31 augustus 2016

Christopher Wool #7

Christopher Wool werkend aan glas in lood ramen voor de Prieuré de La Charité (La Charité sur Loire) bij atelier Parot, 2012.

(bron: Atelier PAROT)

(bron: Simon Lee Gallery)

> Christopher Wool

Christopher Wool #6

Christopher Wool in the proces of making "Untitled", 2010. (bron en foto's: Aubrey Mayer)

Bovenstaande foto's zijn een deel van de publicatie "6-17-10 A with Christopher Wool. New York". De hele reeks (219 pagina's), met daarin het ontstaansproces van "Untitled" is te zien bij de bron. Zeker het bekijken waard! (hk)

Christopher Wool: Untitled, 2010.

> Christopher Wool

Anne Purkiss: Archive of British Portraits

Antony Gormley, London, January 1995.

Christopher Le Brun, London, August 2012.

Christopher Le Brun, Butley (Suffolk), January 2016.

David Nash, Blaenau Ffestiniog (Wales), April 2007.

Fiona Rae, London, May 2013.

Phillip King, London, March 1993.

Rose Wylie, Newnham, Kent, September 2014.

Yinka Shonibare, London, February 2016. (bron en foto's: Anne Purkiss)

> Antony Gormley
> Christopher Le Brun
> Fiona Rae
> Yinka Shonibare

30 augustus 2016

Christopher Le Brun #5

Christopher Le Brun in his studio, 1986.

" This was taken at my studio in Peckham, south London. I had built this freestanding wall in the middle of the room and spent most of my time up a ladder because the paintings I was working on were so big. There was a lot of standing back, yards and yards away, for perspective.

The painting here was the result of the printing I’d previously been doing in Santa Barbara – I would make a few visits every few years to make monotypes, a type of print whereby you paint directly on to a plate for a unique proof. We worked in an old orange warehouse and looking out of the bay windows one way you could see the mountains and in the other direction was the ocean. There was a gymnasium in which the son of the printer, Garner Tullis, would work out. When I arrived, weedy and pale from London, he said to me, ‘We like to go for a run in the morning and then we work with a trainer, but it’s nothing at all to worry about.’ I told him I had no kit, thinking that would get me out of it, but they bought me trainers and a tracksuit. I ended up running, swimming, working out and doing weights for a week. When I got back to Peckham I had a massive appetite, my personality was starting to change, and I was completely out of my environment in London.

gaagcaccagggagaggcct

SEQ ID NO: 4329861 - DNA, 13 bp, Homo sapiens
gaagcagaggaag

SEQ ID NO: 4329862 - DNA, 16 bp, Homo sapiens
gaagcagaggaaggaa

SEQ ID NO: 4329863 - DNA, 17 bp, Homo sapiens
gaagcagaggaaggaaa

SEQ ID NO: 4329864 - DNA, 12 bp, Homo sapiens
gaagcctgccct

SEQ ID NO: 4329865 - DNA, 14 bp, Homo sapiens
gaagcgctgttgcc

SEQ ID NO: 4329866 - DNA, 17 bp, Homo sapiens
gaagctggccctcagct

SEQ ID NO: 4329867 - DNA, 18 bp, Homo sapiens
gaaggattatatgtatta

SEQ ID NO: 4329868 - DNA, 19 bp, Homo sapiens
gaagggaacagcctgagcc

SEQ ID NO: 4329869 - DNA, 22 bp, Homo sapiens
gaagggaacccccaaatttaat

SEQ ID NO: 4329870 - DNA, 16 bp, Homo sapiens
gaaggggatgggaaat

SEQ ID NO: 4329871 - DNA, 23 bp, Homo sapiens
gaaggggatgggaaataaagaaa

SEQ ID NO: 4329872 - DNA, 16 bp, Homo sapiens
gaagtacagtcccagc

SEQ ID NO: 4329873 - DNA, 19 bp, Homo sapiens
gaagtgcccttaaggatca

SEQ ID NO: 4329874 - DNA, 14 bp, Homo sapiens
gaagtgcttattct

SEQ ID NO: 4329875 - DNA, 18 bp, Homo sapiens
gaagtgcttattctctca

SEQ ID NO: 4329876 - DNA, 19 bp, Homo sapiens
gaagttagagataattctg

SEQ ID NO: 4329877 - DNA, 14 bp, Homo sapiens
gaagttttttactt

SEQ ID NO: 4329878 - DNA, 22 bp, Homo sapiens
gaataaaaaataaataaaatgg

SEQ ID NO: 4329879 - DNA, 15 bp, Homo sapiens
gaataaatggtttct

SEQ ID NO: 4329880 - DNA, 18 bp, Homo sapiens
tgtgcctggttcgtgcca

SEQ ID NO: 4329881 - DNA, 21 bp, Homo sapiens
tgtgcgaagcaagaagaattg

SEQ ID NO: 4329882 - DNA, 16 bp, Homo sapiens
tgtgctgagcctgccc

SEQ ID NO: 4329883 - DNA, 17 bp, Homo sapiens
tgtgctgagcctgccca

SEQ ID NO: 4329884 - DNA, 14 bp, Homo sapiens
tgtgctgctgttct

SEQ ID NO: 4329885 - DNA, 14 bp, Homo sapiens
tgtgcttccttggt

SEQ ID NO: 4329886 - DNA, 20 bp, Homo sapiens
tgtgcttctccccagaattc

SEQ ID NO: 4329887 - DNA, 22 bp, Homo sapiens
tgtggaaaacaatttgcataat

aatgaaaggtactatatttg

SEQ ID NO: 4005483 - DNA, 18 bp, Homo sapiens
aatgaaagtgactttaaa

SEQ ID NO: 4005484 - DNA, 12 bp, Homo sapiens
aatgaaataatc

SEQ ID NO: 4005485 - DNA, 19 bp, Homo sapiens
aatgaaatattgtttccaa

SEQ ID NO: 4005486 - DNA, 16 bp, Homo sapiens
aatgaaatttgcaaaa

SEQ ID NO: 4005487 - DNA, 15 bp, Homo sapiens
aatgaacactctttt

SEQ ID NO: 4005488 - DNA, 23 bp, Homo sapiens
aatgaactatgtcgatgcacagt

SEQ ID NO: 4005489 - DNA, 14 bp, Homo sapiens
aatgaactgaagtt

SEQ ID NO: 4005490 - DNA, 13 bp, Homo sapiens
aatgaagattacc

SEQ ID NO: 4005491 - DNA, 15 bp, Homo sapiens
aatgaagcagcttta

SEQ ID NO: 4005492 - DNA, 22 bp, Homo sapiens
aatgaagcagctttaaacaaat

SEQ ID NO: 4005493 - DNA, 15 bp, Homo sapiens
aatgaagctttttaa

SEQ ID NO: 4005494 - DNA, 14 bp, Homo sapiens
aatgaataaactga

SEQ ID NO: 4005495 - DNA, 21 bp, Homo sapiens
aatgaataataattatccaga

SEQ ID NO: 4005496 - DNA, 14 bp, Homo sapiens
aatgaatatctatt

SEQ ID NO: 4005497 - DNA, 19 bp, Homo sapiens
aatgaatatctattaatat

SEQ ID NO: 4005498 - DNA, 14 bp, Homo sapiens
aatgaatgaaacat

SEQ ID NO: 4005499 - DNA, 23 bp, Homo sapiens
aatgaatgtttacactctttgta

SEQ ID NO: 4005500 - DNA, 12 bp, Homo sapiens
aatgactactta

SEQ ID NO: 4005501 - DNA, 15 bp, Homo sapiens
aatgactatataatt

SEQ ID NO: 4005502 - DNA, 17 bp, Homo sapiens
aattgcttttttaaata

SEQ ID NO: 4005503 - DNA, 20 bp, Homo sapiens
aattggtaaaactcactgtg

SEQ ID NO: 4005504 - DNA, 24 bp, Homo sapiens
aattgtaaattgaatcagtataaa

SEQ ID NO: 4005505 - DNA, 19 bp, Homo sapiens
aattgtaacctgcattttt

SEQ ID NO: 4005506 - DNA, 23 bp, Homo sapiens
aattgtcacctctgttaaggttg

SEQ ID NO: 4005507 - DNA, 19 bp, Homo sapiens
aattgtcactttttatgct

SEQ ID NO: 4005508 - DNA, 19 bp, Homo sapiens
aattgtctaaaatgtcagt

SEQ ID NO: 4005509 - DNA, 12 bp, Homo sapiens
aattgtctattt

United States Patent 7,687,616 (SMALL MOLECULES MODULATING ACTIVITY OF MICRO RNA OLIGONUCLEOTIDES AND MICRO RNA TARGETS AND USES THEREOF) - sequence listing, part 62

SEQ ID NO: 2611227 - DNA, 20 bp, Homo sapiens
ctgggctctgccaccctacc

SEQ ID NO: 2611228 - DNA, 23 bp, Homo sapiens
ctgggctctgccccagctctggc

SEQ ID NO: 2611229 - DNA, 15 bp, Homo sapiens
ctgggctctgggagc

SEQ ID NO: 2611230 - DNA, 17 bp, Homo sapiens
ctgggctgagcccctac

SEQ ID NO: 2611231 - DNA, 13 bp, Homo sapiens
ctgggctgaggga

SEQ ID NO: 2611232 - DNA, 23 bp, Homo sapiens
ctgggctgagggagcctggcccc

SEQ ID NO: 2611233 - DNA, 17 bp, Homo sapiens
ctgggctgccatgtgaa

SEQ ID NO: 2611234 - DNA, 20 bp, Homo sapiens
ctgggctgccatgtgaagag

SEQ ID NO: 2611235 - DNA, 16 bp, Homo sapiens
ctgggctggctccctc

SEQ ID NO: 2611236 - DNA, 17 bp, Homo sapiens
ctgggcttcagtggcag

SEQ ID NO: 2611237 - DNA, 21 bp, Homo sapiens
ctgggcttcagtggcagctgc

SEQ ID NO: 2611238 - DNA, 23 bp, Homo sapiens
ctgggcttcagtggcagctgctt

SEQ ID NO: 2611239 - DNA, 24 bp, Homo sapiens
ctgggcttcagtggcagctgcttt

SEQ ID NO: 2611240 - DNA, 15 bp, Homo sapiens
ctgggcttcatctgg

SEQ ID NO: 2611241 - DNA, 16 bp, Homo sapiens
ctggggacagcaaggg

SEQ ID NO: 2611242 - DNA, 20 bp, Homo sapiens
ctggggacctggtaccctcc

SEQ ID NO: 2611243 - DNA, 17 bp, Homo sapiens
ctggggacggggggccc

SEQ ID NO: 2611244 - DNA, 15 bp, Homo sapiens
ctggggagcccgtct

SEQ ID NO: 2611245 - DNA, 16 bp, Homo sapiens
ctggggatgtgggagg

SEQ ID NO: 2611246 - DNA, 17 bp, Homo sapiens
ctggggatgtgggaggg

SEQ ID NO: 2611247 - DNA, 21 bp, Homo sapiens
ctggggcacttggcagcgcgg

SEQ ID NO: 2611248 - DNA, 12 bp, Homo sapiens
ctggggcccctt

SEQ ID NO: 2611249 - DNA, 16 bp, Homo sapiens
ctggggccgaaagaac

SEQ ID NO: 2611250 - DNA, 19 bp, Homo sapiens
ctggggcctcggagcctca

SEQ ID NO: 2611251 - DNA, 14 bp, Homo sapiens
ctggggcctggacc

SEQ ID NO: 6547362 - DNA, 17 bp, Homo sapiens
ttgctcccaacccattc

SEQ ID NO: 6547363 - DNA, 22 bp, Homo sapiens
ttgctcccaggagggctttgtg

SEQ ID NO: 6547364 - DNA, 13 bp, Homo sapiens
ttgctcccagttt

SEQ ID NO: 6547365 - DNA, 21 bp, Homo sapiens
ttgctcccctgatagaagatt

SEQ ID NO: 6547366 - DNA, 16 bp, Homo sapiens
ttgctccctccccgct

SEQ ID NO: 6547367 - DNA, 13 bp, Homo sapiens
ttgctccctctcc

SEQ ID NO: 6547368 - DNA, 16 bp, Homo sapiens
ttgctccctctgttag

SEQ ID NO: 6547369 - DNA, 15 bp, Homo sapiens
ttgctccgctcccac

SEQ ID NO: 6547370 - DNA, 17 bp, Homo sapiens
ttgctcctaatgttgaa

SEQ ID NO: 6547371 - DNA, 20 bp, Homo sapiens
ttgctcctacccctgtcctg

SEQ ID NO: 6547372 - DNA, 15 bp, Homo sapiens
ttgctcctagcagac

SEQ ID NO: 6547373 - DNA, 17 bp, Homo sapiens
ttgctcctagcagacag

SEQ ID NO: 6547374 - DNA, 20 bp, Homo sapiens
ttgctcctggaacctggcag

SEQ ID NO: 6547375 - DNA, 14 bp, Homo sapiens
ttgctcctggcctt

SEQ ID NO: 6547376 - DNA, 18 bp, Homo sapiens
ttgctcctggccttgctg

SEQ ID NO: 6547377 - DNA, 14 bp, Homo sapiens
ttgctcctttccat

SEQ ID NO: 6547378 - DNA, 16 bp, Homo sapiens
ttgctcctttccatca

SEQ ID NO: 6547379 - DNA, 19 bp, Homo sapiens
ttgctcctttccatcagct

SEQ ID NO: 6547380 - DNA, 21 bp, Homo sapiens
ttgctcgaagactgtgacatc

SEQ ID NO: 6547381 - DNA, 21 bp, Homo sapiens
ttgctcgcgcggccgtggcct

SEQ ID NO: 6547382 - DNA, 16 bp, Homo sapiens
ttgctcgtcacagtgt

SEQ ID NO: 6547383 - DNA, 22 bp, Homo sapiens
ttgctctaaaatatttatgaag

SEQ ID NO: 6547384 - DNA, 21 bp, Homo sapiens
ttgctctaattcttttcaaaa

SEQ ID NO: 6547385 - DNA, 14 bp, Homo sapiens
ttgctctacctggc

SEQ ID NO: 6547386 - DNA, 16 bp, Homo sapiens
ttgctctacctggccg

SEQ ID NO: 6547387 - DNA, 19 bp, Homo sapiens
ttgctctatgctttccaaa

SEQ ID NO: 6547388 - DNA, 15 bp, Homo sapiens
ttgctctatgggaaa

...." (bron: The Telegraph)

> Christopher Le Brun

Christopher Le Brun #4

Christopher Le Brun's marble 'Maro' wing sculpture. (bron: Fabshop machines)

‘Maro’ is a challenging piece in terms of both its design and production. From Lapicida’s point of view, the CNC shaping mill was the one technology capable of sculpting this majestic 2.5-tonne, 5-metre high wing.

Greek Nestos marble was selected for its sculptural qualities, overall aesthetic and ability to withstand the elements. Christopher sculpted a 1:10 scale maquette in plaster and wax which was then scanned by Lapicida’s 3D scanner. The technical design team then conducted a great deal of work in ensuring that the 3D model’s files were detailed enough to scale up to ten times the original’s size.

This was a major realization project. Initially, a 1:5 sample of the entire wing was sculpted by the CNC shaping mill to confirm manufacturing capabilities before final production. Then several at 1:1 scale ensured that the detailing of the final piece would meet Christopher’s exacting standards.

Created in five pieces, 25 days of sculpting by the CNC shaping mills computer-controlled diamond tipped drill head were required to form Maro. A further 6 weeks of hand-finishing by two of Lapicida’s expert craftsmen gave this impressive sculpture the perfect finish that is immediately apparent on viewing. Christopher was closely involved throughout the process directing the final finish and detail.

Christopher revealed “The craftsmanship qualities of hand-finishing are extremely important because its often in the last touches on a sculpture that you can bring it to life.”

It was finally assembled in-situ at Chatsworth House. A central steel structure ensured the sculpture would remain weatherproof and it was affixed to a hidden base so it would appear as a single graceful wing rising up effortlessly from the ground.
...." (bron: Lapicida)

Christopher Le Brun's City Wing, 2013. (bron: Dickson Russell, foto's(?): Steven White)

"After collaborating with artist Christopher Le Brun on the Waterloo Tower and the Ebbsfleet International Sculpture Competitions, Expedition was really pleased when Christopher asked us to help with a sculpture commissioned in the City of London.

The sculpture takes the form of an inclined wing, constructed from bronze, rising from the plaza. The wing is several storeys high and Expedition worked alongside Morris Singer bronze foundry to design and construct the stainless steel support system to connect this 10m cantilever to the base, concealed below the paving.
...." (bron: expedition)

> Christopher Le Brun